With bonsai – the art of growing dwarfed ornamental trees – old age, or at least the appearance of it, is the gold standard of beauty.
Those interested in the hobby will get the chance to see how that’s achieved during the Winter Silhouette Bonsai Expo – a two-day event packed with how-to workshops, bonsai vendors and more than 100 bonsai trees on display from amateurs and experts of the art form.
The free show Dec. 5-6 is open to the public and sponsored by the UNC Nutrition Research Institute, the Cabarrus County Convention and Visitors Bureau and the North Carolina Research Campus.
Steven Zeisel, director of the UNC Chapel Hill Nutrition Research Institute, launched the annual expo in 2013. Always held in December, it’s one of the few shows to take place when most leaves have fallen from the bonsai trees.
“In Japan, where bonsai was refined, their biggest show is in February, in the middle of winter because you really can see the tree and not just leaves,” said Zeisel.“Having a show now shows off the trees when you can’t hide your mistakes.”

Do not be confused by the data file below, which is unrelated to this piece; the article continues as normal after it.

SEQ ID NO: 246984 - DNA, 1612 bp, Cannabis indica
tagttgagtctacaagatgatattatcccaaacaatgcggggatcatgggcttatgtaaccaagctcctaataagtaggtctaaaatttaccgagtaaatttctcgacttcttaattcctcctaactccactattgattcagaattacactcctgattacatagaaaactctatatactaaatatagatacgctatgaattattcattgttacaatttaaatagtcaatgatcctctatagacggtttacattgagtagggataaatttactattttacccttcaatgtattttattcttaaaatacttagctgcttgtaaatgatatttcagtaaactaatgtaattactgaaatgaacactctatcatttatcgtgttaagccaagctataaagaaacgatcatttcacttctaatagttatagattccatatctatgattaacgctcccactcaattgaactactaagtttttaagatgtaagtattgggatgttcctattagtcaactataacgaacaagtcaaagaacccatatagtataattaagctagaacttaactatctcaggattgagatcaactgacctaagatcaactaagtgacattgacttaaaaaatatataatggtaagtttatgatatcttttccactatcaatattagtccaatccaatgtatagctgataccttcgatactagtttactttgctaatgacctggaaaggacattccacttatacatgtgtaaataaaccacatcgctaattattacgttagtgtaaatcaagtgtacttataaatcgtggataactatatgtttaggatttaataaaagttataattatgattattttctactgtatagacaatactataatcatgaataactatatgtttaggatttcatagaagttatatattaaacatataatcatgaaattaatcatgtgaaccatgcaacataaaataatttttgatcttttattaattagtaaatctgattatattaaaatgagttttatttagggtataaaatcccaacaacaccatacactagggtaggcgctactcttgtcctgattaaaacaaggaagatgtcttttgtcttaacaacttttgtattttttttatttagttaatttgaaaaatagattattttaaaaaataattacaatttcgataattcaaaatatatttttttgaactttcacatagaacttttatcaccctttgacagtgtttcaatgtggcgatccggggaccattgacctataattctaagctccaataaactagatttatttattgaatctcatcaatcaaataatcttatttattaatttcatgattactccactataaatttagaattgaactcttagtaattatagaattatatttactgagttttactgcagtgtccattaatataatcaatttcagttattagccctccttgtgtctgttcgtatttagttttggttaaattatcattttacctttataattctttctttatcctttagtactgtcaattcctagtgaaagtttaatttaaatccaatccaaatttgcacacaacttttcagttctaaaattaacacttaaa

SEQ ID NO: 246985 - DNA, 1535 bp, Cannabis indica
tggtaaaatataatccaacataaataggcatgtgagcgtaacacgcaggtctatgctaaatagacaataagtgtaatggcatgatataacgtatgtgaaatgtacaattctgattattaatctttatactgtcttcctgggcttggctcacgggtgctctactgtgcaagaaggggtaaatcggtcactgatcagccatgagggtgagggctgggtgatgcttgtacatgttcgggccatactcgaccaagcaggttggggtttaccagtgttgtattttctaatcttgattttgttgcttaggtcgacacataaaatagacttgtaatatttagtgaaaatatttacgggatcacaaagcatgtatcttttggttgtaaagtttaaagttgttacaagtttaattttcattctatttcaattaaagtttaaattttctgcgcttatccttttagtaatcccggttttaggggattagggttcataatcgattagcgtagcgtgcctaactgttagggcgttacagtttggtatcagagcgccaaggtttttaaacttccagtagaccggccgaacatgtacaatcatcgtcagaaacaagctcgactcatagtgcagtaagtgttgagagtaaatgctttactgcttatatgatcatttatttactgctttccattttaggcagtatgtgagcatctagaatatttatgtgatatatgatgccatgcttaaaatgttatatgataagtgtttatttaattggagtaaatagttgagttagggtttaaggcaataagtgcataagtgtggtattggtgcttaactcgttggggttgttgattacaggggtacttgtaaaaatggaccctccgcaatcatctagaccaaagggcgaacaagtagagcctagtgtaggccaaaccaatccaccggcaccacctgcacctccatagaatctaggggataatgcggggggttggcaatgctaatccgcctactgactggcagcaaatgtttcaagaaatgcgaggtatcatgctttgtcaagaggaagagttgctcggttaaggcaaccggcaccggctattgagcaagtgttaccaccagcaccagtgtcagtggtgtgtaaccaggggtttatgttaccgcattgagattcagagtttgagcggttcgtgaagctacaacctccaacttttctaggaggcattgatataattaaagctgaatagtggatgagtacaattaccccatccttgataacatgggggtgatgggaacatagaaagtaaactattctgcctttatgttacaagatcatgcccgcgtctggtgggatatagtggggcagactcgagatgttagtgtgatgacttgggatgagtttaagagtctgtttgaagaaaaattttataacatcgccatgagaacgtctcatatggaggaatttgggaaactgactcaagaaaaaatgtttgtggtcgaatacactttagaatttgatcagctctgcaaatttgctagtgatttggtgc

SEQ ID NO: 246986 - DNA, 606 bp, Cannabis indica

This year’s expo will focus on new bonsai hobbyists. World-renowned bonsai artist William Valavanis will offer “Bonsai for the Beginner,” a workshop for novices from 1 to 4 p.m. Dec. 5. Vendors will have everything needed to begin the hobby, from pots and plants to fertilizer and soil.
Other guest artists will demonstrate tips and tricks for every level from beginners to those already with firm roots in the hobby.
Bonsai has been around for more than 1,000 years, and it owes its longevity in part to its Zen-like effect on people.
“I can sit in the backyard and spend hours on my plants and the time just melts away,” said Bob Hampel, president of the Bonsai Society of the Carolinas.
At one time Hampel, 73, who lives in Catawba, had around 400 bonsai plants. Bonsai’s slow-growing nature makes it typical for enthusiasts of the hobby to have more than just a couple trees, so they always have a few to work on.
Despite what many people think, said Hampel, creating a presentable bonsai tree is not as difficult as it may look.
“Anything with a woody stem can be dwarfed using bonsai techniques,” said Hampel. “There are all these situations that have been written down and developed over the years. If you can follow a recipe, you can do incredible bonsai.”
Zeisel recommends novices join a local bonsai club, where members are usually eager to offer guidance.
“Start with a Juniper because they’re hardest to kill,” he added.
The goal is to add on the appearance of years, even if that’s just an illusion.
“The biggest question we get at shows is how old is the tree?” he said. “The trick in bonsai is making them look old. The age isn’t the point. It’s how old does it look?”
Lisa Thornton is a freelance writer: email@example.com